• Hard to show some syncopations
    • Does not reflect real-life practice
    • Excludes people who don’t read well

    Good practices in Performance


    • More accurate and precise transcription, or simplified transcription?
    • Extrapolating freer performance of rhythm from simplified notation
    • Representation of polyrhythms (dotted notes vs. ties)

    Good practices in Performance


    • Writing new intros, outros, interludes, breakdowns, solo sections, etc.
    • Where to loop or cut the song for cases where the music needs to be longer or shorter
    • Example assignment: wedding arrangement

    Good practices in Performance


    • Adapting instrumental lines to vocals (a cappella syllables and techniques, writing singable lines)
    • Adapting vocal lines to instrumentals (compensating for lack of lyrics)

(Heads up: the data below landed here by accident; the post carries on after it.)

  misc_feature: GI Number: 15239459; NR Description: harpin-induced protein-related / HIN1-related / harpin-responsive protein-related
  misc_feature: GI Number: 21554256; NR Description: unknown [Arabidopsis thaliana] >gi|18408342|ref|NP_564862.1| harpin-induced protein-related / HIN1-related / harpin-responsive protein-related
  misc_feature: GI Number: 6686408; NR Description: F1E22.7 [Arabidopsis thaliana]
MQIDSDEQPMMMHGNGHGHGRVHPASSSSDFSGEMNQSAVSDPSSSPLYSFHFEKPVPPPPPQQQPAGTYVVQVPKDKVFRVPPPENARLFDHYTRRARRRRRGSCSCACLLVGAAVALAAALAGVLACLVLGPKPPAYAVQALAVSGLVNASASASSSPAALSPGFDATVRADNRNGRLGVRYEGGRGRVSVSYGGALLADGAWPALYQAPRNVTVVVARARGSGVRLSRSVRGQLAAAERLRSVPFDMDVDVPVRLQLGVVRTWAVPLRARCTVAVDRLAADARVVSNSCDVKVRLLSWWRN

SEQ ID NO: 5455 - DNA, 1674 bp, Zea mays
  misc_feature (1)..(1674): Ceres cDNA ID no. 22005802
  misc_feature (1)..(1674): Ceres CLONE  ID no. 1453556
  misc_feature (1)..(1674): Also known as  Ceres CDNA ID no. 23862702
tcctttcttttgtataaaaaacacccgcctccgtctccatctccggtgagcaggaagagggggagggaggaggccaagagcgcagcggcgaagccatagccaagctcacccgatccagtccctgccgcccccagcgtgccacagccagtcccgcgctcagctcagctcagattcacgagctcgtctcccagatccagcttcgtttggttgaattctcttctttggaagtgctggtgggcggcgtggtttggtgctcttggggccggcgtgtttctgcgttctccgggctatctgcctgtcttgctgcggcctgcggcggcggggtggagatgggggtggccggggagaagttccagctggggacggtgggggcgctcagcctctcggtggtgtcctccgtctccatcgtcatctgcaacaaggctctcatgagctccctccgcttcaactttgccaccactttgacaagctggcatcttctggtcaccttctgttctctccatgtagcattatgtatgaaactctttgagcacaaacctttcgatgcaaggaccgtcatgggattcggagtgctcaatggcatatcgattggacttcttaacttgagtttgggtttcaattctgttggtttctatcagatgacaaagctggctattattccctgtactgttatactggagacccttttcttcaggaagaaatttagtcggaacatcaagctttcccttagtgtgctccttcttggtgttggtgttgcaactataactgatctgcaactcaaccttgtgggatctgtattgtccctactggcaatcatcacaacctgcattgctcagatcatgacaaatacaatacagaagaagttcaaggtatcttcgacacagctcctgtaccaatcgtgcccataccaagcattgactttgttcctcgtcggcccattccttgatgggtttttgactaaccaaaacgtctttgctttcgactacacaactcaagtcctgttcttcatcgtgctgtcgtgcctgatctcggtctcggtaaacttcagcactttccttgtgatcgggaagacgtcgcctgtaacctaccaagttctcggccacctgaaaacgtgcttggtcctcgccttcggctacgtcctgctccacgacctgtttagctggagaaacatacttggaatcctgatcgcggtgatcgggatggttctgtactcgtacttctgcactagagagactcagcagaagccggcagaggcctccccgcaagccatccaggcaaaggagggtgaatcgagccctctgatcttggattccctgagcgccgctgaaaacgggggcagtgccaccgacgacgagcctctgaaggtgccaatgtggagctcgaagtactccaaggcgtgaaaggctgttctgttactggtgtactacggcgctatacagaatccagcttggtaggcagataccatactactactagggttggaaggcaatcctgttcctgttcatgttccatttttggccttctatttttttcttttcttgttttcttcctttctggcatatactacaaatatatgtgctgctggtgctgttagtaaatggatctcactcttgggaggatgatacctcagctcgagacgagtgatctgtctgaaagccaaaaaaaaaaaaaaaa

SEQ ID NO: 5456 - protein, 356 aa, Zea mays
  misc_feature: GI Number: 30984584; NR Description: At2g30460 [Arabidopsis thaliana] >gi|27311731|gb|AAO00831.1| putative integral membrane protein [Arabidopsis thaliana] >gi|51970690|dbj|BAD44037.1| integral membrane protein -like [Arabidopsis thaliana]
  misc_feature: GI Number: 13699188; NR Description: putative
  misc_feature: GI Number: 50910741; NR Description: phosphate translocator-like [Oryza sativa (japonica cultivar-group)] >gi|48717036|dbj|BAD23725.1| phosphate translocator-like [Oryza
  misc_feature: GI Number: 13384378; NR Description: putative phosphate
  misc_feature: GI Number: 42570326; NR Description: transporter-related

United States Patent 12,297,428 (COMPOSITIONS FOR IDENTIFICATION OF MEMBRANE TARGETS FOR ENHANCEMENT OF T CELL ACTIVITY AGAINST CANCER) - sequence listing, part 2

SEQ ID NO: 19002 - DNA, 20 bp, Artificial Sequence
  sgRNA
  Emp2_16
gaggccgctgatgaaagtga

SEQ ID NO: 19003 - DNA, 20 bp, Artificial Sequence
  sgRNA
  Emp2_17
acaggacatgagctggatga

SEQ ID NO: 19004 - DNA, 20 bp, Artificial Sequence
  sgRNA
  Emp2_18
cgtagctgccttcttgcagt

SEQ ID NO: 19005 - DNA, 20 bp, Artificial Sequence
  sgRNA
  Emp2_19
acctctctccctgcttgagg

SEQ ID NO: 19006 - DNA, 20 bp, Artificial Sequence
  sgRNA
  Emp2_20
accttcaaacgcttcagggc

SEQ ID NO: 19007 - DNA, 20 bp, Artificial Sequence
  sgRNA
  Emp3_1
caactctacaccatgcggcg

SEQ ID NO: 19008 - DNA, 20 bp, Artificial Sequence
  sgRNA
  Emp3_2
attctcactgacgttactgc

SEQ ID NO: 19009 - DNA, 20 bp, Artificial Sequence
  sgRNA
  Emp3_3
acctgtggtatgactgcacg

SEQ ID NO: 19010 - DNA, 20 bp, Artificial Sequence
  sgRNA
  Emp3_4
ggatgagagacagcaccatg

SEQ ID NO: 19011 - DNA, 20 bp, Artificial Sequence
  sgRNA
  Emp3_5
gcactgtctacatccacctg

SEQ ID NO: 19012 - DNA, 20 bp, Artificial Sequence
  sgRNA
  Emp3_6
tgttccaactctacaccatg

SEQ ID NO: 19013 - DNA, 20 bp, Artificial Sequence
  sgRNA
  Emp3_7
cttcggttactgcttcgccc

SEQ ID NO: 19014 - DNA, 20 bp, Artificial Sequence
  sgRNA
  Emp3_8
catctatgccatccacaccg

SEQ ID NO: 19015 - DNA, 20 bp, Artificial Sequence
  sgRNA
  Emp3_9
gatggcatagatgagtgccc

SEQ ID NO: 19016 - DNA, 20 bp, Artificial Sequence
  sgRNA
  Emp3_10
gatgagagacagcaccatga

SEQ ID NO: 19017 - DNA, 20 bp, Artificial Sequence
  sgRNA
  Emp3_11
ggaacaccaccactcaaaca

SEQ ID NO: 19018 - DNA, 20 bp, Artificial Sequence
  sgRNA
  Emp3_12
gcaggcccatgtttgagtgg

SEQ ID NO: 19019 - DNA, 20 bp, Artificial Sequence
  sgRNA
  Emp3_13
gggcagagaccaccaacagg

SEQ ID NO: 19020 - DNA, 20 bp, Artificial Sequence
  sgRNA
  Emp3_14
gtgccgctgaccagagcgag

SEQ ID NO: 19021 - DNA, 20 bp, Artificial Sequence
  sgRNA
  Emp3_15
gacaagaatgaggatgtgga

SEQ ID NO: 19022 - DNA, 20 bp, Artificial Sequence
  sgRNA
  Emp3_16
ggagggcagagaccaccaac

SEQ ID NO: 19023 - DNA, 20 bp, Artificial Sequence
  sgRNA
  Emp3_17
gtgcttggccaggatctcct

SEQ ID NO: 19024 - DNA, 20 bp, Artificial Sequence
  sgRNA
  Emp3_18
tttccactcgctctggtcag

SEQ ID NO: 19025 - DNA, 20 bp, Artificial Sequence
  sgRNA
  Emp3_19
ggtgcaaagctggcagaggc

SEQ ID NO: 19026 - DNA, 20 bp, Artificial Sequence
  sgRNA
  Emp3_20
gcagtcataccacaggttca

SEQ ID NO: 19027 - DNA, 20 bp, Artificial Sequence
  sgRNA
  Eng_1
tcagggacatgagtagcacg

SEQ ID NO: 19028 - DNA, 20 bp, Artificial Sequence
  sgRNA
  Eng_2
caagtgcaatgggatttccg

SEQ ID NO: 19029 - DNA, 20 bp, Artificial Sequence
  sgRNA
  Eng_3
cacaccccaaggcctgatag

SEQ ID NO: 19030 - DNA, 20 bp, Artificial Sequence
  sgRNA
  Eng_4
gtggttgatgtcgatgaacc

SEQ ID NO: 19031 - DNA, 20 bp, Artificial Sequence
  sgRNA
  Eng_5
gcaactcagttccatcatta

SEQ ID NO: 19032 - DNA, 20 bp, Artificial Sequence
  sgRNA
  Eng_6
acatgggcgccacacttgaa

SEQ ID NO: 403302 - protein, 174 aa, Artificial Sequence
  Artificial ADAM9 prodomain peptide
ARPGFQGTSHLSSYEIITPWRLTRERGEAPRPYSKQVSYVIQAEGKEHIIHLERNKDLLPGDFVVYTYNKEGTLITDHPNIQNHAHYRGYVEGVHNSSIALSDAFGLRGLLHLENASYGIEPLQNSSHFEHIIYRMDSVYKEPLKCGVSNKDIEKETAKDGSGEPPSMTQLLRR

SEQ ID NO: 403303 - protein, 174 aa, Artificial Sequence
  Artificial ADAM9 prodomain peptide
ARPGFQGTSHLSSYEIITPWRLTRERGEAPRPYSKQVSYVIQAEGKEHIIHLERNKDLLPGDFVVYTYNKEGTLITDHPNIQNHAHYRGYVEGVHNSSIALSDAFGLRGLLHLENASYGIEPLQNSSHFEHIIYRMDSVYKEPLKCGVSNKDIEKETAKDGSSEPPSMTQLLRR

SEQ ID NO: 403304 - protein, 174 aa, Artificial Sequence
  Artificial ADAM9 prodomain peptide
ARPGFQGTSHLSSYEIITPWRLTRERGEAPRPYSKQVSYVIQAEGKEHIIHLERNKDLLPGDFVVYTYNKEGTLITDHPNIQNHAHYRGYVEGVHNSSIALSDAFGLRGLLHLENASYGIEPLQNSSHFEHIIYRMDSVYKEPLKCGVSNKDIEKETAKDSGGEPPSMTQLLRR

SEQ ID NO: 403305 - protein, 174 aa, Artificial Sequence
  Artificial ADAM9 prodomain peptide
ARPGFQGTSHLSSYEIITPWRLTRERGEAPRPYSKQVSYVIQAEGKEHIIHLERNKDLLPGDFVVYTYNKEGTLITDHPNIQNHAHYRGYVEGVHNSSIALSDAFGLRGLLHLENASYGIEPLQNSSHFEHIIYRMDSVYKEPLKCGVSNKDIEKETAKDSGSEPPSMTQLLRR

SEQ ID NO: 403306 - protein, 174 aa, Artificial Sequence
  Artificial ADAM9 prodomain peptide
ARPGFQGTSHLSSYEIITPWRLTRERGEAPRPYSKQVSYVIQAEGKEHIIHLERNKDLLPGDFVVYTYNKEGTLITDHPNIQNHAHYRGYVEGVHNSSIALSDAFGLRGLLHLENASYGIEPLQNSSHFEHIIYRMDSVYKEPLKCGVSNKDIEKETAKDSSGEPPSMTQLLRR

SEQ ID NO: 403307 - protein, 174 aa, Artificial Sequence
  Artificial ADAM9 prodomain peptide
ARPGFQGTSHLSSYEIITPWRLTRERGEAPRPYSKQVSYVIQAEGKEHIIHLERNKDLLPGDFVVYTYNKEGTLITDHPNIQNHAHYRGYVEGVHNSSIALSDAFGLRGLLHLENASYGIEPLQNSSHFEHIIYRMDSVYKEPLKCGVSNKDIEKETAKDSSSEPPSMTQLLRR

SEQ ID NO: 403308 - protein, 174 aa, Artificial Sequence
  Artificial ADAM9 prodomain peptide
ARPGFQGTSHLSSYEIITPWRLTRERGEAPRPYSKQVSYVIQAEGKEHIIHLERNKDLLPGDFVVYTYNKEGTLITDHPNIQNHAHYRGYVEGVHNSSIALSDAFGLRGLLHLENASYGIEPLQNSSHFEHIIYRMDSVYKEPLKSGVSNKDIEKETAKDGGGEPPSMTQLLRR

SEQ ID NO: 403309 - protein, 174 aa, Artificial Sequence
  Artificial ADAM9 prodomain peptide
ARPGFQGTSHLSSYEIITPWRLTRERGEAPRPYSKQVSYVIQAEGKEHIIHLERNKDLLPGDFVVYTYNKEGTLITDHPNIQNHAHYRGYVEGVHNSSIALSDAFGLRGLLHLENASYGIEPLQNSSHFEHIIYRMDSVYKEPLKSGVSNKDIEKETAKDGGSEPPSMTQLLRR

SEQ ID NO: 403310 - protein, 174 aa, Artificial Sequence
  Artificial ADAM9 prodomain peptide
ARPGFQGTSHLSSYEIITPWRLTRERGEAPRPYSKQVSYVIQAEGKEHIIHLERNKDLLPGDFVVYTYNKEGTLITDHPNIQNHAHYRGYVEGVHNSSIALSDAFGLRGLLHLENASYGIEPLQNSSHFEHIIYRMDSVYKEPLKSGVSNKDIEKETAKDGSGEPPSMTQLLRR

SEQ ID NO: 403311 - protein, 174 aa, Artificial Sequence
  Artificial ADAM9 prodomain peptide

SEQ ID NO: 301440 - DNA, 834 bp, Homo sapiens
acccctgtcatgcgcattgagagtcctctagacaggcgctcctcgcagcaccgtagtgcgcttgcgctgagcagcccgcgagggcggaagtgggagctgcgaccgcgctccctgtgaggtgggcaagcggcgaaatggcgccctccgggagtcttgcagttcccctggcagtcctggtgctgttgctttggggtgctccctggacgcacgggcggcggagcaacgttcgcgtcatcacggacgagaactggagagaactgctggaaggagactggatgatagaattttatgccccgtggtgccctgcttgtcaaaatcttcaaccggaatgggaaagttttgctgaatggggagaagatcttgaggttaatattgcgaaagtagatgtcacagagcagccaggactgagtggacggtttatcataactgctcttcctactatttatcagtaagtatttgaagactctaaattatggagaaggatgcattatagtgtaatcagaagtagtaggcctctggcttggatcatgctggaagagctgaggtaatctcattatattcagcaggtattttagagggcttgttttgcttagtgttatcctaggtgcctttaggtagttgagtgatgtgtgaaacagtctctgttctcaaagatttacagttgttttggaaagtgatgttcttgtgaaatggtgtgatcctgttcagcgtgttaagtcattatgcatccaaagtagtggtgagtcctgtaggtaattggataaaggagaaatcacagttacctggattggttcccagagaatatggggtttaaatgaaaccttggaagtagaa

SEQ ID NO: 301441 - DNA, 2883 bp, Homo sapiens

Tell me why-ee

    What would we gain by promoting pop music within formal music study?

    “Three music school anecdotes”

    Loren Kajikawa,
    “The Possessive Investment in Classical Music:
    Confronting Legacies of White Supremacy in U.S. Schools and Departments of Music"

    What would we gain by promoting pop music within formal music study?

    • Including new kinds of musicians, as both as students and teachers
    • Increase the relevance of formal music study to 21st-century life
    • Counter the prominent assumption that classical’s prestige is earned, as it is the smartest and most developed music

    By and large, music schools are actually classical music schools.

    When we focus so exclusively on classical music, we exclude lots of music and musicians from our school communities.